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thyssenkrupp launches advanced water electrolysis

July 13, 2018 • Industries, Mining & Energy

Developed by experts from thyssenkrupp, the solution which is based on electrolysis technologies makes large-scale hydrogen production from electricity economically attractive.

Developed by experts from thyssenkrupp, the solution which is based on electrolysis technologies makes large-scale hydrogen production from electricity economically attractive.

As renewable energy sources continue their global success story, the demand for integrating them into the current South African energy and industry landscape grows.

thyssenkrupp now offers a key technology for renewables integration: Industrial scale water electrolysis for large projects. Developed by experts from thyssenkrupp, the solution which is based on worldwide electrolysis technologies makes large-scale hydrogen production from electricity economically attractive.

By splitting water into hydrogen and oxygen, this technology delivers “green” hydrogen, a clean, CO2-free energy carrier. The only inputs needed are water and renewable electricity from wind, hydro power or photovoltaics. ‘Green’ hydrogen production is ideal for long-term energy storage, hydrogen mobility and other applications, making optimal use of renewable energy sources.

The advanced water electrolysis features a well-proven cell design paired with an especially large active cell area of 2.7 m2. By further optimising the proven ‘Zero-Gap’ electrolysis technology (leaving virtually no gap between membrane and electrodes), very high efficiencies of more than 82% are achieved.

Sami Pelkonen, CEO of the Electrolysis & Polymers Technologies business unit at thyssenkrupp Industrial Solutions: “With our water electrolysis process, we have successfully brought a technology to market maturity which is of major significance for the energy transition. We are now able to offer our customers a wealth of sustainable solutions which will help to bridge the gap between renewable energy production and consumption. Green hydrogen as a clean, CO2-free starting point can be used in a variety of ways: for energy storage, mobility, and the production of sustainable chemicals.”

Philipp Nellessen, CEO at thyssenkrupp Industrial Solutions Sub-Sahara Africa adds, “This thyssenkrupp technology has also been developed in pre-fabricated skid mounted standard modules, which is a huge advantage for us. We can easily deploy these modules anywhere in the continent with minimal construction risks.”  The modules easily add up to the desired project size, potentially into the hundreds of megawatt range. The patented design is based on thyssenkrupp’s well proven, leading electrolysis technologies. To date, the Group company thyssenkrupp Uhde Chlorine Engineers has successfully completed more than 600 electrochemical plants worldwide.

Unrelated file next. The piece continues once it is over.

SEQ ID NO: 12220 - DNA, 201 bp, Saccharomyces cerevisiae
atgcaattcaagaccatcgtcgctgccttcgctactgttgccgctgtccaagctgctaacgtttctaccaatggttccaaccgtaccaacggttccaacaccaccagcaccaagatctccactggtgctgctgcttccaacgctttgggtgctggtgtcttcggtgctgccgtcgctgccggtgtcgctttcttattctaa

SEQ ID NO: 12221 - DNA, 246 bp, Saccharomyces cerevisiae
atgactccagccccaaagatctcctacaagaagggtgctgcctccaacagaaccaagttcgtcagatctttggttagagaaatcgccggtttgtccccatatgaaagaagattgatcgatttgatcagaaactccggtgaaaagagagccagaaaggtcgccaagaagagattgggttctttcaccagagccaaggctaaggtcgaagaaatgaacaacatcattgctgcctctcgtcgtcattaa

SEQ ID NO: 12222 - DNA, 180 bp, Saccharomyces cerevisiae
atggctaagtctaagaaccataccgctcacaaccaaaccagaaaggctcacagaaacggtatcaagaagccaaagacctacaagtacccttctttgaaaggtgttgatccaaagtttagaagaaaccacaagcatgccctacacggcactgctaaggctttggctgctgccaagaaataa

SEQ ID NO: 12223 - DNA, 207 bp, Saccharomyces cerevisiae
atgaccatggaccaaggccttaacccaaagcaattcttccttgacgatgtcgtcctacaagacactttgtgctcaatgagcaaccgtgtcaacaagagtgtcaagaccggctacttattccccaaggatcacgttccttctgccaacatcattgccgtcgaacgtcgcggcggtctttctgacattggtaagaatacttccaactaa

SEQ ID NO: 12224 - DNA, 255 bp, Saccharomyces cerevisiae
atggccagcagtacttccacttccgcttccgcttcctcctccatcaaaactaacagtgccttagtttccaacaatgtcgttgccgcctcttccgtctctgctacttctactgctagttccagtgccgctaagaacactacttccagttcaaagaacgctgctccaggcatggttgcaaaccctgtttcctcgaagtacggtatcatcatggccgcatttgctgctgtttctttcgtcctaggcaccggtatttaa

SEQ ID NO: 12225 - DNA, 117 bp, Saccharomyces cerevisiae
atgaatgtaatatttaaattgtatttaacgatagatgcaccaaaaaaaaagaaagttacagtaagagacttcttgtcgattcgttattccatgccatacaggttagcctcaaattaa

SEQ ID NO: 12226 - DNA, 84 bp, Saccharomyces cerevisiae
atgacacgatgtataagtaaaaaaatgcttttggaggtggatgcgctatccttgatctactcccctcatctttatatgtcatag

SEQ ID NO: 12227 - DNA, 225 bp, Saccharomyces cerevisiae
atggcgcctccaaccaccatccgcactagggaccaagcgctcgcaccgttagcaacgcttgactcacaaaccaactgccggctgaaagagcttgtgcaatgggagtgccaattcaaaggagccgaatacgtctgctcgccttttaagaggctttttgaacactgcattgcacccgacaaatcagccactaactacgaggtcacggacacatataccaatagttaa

“Based on decades of experience in developing and building electrolysis plants, we have designed our product to meet our client’s most important demands: Easy to deliver and install, highly efficient, with minimised investment and operation cost. And we have an industrial-scale supply chain of 600 MW per year already in place”, says Roland Käppner, Head of Energy Storage and Hydrogen at thyssenkrupp Uhde Chlorine Engineers.

Within the Carbon2Chem project, one of the global flagship projects for carbon-neutral value chains, the advanced alkaline water electrolysis by thyssenkrupp was already commissioned successfully. It will provide the necessary hydrogen for producing chemicals from steel plant flue gas.

Hydrogen is not only a clean energy carrier, be it for long-term energy storage in the gas grid or for clean fuels e.g. for fuel cell mobility. When produced from renewable energy, it can make the production of key chemicals sustainable. One good example is ‘green’ ammonia: With the water electrolysis technology and its world-class ammonia process, thyssenkrupp can deliver integrated plants which can produce ammonia from nothing but water, air and sunlight or wind. The ammonia can be further processed into fertilisers.

Philipp Nellessen notes, “While renewables still form a small percentage of the South African energy landscape, this ground breaking technology is potentially a fundamental building block to a variety of renewable energy initiatives that are currently on the country’s Integrated Energy Plan agenda.”

In addition, as a specialist in chemical plant engineering and construction, thyssenkrupp can realise additional value chains, e.g. for ‘green’ methanol, which can enable carbon recycling to generate sustainable fuel. Further ‘power-to-gas’ solutions include methanation for the production of synthetic natural gas (SNG). As the starting point for all these solutions, water electrolysis by thyssenkrupp can help to convert today’s carbon-based industry into a more sustainable, climate-friendly one.

Edited by Neo Sesinye
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